Tea Time With Jesse

Six of One, Half Dozen the Other

Archive for May, 2011

Where do Scientists Come From?

Posted by middlerage on May 30, 2011

My oldest kid didn’t like bugs right from the start. Even before the fire ant incident (which served to solidify the loathing).  My youngest, on the other hand, has no fear. YK* loves them – loves to find them, fondle them, pick them up, inspect them, prod them, and proudly show the folks.

Today YK came crying into the house, screaming and distraught. What happened? Did you fall? Did you mash your shin? We finally teased it out of the blubbering that a bug had bit YK, right on the tip of a finger. There it was… the bite… glisteningly enhanced by a white necrotic ring.

Holy smoke, was it a spider? Did a black widow bite YK? We rushed outside and made the kid show us the bug, crossing our fingers there was no chaotic web of her black mistress.

And there it was, a woozy, over fondled large black ant, reeling around in circles. Sha-phew! No spiders, just an ant, and not even a red ant at that.  YK happily reached for the ant to pick it up, and helpfully give us a better look. No! Stop! It might bite you again!

But inside, the parental pride was turned to 11 – Look! The kid has no fear! Ready to dive right back in. Maybe the kid will grow up to be an entomologist! Somebody has to study the bugs and the snakes and the slimy things that lurk in our nightmares. Is this where scientists come from? That early ability to let curiosity – not fear – be the driving emotion? Or is this just my natural scientist prejudice talking? Maybe it only means the kid will be a daredevil – happily remounting the motorcycle with three broken ribs. Who knows? But now I have made a note of it, and I will watch to see what comes out of this early stage…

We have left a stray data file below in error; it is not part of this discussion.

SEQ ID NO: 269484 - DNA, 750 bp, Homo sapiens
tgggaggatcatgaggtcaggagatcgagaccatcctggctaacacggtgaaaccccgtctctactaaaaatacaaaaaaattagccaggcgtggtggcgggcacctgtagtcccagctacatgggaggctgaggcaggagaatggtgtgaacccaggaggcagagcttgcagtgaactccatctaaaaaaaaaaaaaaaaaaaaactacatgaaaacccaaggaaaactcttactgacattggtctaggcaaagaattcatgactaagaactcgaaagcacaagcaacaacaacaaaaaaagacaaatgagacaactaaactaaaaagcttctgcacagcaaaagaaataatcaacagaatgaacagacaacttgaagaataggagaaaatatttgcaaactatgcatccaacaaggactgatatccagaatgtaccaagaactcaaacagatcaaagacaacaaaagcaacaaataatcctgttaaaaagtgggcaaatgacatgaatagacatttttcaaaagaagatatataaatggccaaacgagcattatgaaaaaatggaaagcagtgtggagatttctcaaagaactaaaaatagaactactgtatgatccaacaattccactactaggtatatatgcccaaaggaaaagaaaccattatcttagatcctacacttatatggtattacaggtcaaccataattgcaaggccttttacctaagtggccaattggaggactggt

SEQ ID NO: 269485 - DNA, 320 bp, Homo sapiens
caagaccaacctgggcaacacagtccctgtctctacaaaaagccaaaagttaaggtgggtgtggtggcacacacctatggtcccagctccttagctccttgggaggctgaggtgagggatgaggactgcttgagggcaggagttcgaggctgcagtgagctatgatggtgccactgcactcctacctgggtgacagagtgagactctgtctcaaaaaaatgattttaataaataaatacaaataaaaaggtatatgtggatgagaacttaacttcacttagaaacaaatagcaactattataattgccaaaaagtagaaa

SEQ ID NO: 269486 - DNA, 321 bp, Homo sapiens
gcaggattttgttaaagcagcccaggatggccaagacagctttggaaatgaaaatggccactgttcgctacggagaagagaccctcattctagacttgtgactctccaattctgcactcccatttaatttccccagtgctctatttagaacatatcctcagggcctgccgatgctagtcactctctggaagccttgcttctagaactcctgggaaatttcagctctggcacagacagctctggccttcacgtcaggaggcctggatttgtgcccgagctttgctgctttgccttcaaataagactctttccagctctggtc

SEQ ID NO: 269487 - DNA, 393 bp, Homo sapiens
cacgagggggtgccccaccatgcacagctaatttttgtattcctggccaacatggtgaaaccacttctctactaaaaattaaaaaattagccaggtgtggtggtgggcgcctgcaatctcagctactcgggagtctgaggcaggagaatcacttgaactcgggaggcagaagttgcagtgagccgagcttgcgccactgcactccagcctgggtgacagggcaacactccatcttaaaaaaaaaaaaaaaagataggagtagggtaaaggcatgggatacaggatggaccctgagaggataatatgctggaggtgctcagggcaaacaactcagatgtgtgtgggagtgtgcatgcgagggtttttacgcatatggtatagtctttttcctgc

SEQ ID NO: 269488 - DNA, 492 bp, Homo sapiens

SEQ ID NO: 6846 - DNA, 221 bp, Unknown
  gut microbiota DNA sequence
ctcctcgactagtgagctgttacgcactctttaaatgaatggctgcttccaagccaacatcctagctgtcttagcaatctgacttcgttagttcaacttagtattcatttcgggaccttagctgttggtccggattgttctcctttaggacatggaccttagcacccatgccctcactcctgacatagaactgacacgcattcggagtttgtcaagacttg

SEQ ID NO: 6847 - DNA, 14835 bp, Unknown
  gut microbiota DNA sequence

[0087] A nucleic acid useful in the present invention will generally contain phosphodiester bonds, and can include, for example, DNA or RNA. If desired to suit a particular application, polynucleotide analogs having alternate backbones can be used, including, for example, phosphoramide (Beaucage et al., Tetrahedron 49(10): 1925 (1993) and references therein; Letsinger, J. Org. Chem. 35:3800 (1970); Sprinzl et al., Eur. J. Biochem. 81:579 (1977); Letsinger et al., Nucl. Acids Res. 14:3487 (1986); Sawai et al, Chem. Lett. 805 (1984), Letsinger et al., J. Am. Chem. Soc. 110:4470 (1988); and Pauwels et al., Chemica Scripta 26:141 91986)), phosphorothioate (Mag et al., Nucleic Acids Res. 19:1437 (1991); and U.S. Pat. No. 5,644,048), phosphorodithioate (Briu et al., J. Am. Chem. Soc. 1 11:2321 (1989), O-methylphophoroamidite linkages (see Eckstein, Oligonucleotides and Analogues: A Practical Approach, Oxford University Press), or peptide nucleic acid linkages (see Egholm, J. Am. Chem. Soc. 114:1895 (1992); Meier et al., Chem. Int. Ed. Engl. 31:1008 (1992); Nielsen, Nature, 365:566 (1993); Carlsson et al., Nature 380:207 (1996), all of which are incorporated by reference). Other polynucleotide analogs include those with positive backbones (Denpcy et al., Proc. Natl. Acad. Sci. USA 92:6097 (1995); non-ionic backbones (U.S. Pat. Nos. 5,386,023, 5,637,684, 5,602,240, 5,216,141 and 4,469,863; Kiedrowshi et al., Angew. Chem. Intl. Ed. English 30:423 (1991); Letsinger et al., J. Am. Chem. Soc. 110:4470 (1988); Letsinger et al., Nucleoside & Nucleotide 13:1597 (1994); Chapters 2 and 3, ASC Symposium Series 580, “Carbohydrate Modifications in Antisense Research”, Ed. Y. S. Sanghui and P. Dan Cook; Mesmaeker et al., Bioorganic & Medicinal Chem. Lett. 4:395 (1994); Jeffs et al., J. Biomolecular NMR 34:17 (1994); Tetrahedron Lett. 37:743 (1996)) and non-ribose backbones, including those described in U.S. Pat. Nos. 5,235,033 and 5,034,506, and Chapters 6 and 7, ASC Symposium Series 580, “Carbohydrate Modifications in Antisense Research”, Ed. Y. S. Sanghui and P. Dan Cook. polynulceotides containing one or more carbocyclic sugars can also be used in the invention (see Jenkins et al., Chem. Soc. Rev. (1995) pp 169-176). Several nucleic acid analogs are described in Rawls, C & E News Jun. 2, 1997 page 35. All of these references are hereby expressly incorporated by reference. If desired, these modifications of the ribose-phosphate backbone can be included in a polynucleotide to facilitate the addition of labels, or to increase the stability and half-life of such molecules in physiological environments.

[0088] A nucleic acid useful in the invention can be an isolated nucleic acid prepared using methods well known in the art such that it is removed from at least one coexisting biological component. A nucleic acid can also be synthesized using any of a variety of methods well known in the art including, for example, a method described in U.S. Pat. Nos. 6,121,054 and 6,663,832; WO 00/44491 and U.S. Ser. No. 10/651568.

* In an effort to preserve my kids’ anonymity from their father’s desire to be a ranting blogger, I am clumsily writing this without reference to gender. YK = youngest kid. File this under Quixotic, and clumsy. And Privacy.

Posted in kids, Privacy Issues | 2 Comments »

A Summer Drink For Grown Folks

Posted by middlerage on May 25, 2011

It’s gettin’ to be that time of year again. The cicadas are buzzing, the humidity is climbing, and the thermometer is hetten’ up!

Last summer I had an interesting drink while dining out for our anniversary. It is a cool, refreshing, summer drink called a Pimm’s Cup, and it has a surprise ingredient: Yep! Cucumber. But don’t let that dissuade you. The cuke adds a summery, subtle, breezy deliciousness to the drink.

A quick web search shows about a bazillion Pimm’s Cup recipes, so you might’ve already run into one.

Here is how our restaurant constructed a Pimm’s Cup:

  • Some measure of Pimms #1
  • Some measure of club soda
  • A liberal splash of ginger syrup

Pimm’s #1 is a liqueur much like Jägermeister. Bikers and peasants can have their Jäger – we elite will stare down our lofty noses at such low brow-ity. Adjust your pince nez and give princely Pimms #1 a whirl. (Pah! – To be honest, I doubt I could tell the difference between Jager and Pimm’s).